[In evaluating any test results in this case, you may consider whether or not the person administering the test or the agency maintaining the testing device followed the regulations of the California Department of Health Services.]
[It is not a defense that the defendant was legally entitled to use the drug.]
[If the defendant was under the influence of (an alcoholic beverage/ [and/or] a drug), then it is not a defense that something else also impaired (his/her) ability to drive.]
The court has a sua sponte duty to give this instruction defining the elements of the crime. Give this instruction if the defendant is charged with a misdemeanor or a felony based on prior convictions.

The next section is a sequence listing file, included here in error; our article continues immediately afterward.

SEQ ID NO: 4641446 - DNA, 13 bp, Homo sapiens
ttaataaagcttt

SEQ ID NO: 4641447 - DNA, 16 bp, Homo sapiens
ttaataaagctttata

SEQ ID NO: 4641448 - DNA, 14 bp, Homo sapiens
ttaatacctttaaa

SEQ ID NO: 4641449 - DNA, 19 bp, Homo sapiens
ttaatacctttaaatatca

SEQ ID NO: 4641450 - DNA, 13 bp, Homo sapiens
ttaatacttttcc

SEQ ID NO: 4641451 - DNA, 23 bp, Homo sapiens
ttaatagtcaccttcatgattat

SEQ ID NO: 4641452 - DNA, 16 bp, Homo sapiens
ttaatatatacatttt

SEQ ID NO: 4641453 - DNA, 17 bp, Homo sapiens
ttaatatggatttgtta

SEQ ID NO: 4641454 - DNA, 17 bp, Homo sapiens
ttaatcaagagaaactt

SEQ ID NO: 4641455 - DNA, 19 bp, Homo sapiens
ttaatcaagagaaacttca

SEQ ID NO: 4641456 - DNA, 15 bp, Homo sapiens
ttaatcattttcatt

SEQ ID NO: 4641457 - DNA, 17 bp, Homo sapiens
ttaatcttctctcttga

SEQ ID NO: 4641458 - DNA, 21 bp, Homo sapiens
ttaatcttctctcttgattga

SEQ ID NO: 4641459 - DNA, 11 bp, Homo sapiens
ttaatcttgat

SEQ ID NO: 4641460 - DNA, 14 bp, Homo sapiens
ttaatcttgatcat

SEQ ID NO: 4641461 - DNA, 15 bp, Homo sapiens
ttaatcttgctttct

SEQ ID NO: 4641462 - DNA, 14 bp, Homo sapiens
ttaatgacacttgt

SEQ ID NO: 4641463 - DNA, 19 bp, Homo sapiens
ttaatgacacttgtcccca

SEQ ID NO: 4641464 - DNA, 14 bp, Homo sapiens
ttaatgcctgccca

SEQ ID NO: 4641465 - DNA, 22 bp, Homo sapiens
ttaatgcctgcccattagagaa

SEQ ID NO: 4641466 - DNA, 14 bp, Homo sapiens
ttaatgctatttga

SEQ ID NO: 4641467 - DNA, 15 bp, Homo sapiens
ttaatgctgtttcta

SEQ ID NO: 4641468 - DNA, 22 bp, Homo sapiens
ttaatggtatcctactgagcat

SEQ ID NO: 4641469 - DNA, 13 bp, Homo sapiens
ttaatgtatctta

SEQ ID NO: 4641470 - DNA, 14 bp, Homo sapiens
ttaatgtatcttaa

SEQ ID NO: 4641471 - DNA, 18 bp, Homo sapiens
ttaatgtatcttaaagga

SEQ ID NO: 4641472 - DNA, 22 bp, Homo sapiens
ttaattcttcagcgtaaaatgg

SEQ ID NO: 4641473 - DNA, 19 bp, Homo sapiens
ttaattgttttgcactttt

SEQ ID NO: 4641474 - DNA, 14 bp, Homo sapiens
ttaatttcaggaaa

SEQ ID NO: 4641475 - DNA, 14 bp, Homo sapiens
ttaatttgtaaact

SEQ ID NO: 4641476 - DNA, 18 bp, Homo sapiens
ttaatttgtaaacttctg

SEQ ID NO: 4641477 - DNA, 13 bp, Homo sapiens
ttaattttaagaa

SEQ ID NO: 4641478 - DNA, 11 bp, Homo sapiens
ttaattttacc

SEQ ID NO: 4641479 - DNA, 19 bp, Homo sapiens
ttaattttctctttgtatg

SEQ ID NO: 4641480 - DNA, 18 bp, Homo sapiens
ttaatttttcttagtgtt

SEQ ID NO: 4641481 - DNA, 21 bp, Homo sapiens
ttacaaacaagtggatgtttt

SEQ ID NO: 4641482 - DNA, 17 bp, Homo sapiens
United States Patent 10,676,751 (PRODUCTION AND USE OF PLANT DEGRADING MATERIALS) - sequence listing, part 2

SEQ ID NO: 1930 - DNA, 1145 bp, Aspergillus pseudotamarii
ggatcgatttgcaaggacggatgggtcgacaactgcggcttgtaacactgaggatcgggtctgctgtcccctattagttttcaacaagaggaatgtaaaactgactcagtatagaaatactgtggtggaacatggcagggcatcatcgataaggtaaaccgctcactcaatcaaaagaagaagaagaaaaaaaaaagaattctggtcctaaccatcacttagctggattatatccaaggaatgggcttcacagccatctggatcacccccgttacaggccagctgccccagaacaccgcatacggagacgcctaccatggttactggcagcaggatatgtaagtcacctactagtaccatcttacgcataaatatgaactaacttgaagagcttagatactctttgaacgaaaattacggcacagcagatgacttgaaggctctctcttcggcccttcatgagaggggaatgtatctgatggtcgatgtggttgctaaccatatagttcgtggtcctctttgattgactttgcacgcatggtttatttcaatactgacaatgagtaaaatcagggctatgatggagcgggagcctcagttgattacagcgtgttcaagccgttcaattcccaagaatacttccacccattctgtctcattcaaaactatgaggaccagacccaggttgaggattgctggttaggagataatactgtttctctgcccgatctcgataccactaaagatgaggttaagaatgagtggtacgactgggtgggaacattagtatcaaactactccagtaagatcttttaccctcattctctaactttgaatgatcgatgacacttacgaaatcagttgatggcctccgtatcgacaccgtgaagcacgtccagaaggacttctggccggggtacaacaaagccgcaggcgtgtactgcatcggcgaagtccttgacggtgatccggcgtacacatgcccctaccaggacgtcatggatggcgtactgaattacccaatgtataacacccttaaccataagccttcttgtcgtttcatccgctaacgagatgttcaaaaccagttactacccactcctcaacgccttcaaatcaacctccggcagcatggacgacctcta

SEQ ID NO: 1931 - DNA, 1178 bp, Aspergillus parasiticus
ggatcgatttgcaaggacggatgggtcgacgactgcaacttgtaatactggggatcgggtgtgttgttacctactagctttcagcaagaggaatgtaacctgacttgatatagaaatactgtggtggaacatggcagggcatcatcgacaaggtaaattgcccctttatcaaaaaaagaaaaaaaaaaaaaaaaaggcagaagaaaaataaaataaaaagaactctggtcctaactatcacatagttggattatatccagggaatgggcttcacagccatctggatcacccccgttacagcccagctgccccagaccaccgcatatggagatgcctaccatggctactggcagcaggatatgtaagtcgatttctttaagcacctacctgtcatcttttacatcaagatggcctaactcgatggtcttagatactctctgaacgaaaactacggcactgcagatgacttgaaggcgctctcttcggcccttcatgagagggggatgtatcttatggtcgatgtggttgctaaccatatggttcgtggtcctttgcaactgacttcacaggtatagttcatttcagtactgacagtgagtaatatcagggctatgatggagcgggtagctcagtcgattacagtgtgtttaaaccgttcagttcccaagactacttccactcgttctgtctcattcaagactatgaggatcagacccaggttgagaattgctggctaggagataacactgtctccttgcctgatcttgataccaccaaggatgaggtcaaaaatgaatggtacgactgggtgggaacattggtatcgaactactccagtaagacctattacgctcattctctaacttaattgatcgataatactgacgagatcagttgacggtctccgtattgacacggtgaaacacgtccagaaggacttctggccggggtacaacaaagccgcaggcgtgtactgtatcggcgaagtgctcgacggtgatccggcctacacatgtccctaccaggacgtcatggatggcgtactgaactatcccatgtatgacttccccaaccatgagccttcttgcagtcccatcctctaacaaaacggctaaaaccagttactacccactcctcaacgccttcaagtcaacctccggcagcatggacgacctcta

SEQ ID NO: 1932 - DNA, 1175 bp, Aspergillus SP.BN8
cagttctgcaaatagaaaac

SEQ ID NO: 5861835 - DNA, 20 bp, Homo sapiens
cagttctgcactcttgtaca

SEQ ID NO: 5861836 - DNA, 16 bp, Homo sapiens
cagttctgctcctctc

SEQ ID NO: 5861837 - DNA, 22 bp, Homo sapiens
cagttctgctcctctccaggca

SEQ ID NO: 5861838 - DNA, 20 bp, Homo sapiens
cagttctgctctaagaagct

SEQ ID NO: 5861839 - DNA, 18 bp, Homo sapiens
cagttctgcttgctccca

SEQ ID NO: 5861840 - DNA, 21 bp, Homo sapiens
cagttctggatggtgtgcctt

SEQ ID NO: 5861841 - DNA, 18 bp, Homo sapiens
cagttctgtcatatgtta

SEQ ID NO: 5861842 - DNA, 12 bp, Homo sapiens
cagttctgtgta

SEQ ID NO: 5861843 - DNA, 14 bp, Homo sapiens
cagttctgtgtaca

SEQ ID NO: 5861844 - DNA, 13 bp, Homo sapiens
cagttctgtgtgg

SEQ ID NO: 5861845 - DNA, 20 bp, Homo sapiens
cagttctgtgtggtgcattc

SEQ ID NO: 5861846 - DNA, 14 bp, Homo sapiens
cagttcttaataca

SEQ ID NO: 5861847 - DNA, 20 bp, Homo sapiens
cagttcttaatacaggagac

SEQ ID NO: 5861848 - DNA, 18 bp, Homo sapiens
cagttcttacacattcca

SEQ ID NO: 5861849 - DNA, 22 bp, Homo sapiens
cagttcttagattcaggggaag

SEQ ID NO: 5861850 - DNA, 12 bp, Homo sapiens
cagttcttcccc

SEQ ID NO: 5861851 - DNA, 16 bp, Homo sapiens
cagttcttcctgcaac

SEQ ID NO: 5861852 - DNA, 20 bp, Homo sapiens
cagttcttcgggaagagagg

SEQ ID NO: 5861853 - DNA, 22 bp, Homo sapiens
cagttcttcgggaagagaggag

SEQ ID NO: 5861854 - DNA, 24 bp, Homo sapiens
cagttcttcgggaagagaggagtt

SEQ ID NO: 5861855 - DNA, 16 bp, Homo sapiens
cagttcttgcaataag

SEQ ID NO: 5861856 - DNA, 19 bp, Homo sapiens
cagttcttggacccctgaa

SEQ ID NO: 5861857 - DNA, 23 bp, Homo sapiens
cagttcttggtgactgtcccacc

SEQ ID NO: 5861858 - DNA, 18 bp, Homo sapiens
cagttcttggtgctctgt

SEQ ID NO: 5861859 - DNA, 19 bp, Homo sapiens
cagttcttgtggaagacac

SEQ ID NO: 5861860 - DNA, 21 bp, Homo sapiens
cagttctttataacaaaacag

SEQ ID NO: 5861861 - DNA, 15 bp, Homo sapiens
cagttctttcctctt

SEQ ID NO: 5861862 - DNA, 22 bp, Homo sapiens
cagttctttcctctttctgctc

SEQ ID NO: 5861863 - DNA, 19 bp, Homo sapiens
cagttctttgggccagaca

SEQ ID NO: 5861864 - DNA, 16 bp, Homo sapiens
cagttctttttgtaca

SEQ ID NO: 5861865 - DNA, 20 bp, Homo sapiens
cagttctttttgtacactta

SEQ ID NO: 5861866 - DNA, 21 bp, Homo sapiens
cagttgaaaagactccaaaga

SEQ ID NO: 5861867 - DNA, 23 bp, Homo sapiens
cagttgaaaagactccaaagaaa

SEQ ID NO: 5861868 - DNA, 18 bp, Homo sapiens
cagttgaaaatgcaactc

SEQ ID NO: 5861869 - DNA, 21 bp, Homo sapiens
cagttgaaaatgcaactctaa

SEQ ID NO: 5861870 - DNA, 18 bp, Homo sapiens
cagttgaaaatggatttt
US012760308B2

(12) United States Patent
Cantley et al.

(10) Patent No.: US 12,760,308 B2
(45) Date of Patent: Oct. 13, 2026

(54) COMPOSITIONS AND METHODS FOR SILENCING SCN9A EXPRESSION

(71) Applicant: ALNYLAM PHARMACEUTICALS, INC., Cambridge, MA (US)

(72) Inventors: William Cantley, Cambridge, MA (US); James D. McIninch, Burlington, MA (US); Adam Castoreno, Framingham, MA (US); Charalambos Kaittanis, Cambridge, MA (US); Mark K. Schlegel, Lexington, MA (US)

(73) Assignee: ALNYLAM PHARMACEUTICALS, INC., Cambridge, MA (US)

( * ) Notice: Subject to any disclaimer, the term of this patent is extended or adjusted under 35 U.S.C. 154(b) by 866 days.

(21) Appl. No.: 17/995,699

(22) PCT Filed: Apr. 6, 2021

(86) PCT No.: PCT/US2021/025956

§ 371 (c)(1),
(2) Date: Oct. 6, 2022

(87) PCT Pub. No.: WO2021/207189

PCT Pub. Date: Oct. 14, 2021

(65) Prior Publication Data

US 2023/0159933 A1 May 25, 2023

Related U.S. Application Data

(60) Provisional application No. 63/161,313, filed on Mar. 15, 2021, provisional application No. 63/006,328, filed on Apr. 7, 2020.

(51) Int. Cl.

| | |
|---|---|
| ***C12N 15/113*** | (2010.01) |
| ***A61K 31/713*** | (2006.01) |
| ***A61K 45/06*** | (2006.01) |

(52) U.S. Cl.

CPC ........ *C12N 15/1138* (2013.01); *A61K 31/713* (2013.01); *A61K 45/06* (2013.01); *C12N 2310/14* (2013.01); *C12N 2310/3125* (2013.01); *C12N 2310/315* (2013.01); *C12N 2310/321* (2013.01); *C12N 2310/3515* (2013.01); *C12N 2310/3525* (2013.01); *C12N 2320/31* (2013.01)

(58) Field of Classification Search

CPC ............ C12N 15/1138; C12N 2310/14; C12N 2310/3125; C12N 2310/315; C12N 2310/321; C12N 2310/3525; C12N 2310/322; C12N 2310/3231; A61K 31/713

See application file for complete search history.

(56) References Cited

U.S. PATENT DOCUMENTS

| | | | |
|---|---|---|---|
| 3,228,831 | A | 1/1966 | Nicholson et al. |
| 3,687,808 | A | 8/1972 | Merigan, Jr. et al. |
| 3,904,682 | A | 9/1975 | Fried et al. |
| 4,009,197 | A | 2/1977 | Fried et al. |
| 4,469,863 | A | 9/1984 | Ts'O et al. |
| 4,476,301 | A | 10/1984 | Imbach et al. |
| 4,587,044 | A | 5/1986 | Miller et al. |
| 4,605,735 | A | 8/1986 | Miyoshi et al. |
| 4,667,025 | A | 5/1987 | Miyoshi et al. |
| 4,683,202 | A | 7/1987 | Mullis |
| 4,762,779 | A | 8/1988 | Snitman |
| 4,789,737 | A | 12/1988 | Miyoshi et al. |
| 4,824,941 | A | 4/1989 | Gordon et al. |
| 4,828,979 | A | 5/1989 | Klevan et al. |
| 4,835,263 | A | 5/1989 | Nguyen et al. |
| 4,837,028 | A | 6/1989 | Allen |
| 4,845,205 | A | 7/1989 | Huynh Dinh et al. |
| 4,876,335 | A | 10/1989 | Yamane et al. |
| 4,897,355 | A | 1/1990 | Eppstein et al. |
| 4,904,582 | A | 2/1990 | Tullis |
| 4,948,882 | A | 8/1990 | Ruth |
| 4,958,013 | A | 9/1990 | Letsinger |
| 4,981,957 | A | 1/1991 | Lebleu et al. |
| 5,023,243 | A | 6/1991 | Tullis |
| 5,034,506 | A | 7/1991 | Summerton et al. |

If the defendant is charged with one or more prior convictions for driving under the influence, the defendant may stipulate to the convictions. (People v. Weathington (1991) 231 Cal.App.3d 69, 90 [282 Cal.Rptr. 170].) In addition, either the defendant or the prosecution may move for a bifurcated trial. (People v. Calderon (1994) 9 Cal.4th 69, 77-78 [36 Cal.Rptr.2d 333, 885 P.2d 83]; People v. Cline (1998) 60 Cal.App.4th 1327, 1334-1336 [71 Cal.Rptr.2d 41]; People v. Weathington, supra, 231 Cal.App.3d at p. 90.) If the defendant does not stipulate and the court does not grant a bifurcated trial, give CALCRIM No. 2125, Driving Under the Influence or With 0.08 Percent Blood Alcohol: Prior Convictions. If the court grants a bifurcated trial, give CALCRIM No. 2126, Driving Under the Influence or With 0.08 Percent Blood Alcohol: Prior Convictions-Bifurcated Trial
Percent Blood Alcohol: Prior Convictions-Bifurcated Trial. If the defendant stipulates to the truth of the convictions, the prior convictions should not be disclosed to the jury unless the court admits them as otherwise relevant. (See People v. Hall (1998) 67 Cal.App.4th 128, 135 [78 Cal.Rptr.2d 809].)